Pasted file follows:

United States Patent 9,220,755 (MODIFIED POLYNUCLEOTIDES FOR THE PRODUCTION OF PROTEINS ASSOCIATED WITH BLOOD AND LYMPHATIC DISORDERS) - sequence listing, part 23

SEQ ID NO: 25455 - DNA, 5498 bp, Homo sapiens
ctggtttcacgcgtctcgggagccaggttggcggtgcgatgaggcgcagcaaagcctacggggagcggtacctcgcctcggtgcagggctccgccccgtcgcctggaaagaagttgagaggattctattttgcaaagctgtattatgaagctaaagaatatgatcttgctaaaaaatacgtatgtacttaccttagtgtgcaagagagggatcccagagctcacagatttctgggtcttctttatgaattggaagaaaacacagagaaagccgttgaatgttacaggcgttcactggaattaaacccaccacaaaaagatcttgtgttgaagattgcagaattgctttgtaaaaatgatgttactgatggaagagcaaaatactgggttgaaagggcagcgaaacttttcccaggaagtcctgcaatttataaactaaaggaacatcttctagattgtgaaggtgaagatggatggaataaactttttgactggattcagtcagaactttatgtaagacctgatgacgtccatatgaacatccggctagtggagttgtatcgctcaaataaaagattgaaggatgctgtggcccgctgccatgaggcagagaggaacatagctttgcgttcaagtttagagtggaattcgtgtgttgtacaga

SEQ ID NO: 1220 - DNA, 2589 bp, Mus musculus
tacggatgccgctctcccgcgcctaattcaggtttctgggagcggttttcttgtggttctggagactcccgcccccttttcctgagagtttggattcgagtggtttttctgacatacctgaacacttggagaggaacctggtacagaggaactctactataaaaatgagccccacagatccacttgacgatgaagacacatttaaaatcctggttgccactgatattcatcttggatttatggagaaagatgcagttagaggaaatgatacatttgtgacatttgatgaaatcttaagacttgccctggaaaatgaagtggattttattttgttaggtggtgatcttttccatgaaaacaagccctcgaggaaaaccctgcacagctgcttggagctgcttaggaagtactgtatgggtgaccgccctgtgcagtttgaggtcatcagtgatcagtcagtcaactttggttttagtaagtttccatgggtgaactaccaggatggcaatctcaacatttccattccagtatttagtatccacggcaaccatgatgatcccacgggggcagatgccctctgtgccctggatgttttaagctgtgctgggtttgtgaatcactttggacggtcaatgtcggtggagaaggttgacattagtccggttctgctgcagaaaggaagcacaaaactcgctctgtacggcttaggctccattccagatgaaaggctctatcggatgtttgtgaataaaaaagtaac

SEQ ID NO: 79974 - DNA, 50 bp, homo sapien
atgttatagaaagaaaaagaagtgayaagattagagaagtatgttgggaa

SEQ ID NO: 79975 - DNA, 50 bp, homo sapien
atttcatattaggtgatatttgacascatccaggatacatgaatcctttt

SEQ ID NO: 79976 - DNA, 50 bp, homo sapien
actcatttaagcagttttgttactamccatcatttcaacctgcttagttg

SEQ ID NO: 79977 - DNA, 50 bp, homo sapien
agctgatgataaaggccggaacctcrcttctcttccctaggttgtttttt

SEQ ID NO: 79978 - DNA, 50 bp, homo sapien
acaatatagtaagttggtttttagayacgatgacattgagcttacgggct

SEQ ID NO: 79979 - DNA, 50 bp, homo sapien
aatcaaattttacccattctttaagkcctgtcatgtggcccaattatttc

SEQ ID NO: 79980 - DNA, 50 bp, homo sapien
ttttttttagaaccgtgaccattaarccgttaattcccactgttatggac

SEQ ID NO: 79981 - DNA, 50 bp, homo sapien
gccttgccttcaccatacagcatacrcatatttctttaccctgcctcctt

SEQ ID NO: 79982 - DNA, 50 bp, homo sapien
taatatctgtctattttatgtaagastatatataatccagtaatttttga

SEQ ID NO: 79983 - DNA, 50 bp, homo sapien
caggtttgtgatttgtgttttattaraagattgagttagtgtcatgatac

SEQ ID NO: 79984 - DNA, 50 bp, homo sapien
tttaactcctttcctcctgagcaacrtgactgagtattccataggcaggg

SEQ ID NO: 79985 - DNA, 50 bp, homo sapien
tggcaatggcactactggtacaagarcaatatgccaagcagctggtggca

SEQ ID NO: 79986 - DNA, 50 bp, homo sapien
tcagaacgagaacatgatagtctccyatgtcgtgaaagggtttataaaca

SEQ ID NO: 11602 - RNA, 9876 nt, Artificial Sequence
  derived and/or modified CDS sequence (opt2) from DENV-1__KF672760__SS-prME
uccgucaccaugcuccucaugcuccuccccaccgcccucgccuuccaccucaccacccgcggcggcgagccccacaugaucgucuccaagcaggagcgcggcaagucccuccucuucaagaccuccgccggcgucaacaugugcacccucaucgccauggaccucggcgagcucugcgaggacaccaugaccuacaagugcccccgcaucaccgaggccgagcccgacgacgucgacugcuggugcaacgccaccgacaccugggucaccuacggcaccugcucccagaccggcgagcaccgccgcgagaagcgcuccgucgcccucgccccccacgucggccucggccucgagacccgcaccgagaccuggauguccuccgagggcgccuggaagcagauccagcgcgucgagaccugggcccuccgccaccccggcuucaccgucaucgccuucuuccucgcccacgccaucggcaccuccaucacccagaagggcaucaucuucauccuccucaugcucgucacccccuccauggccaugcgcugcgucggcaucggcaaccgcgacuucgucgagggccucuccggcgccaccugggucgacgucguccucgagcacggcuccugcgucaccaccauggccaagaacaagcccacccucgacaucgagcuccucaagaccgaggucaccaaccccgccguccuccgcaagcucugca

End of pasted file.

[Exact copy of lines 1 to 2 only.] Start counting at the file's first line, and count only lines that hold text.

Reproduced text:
United States Patent 9,220,755 (MODIFIED POLYNUCLEOTIDES FOR THE PRODUCTION OF PROTEINS ASSOCIATED WITH BLOOD AND LYMPHATIC DISORDERS) - sequence listing, part 23

SEQ ID NO: 25455 - DNA, 5498 bp, Homo sapiens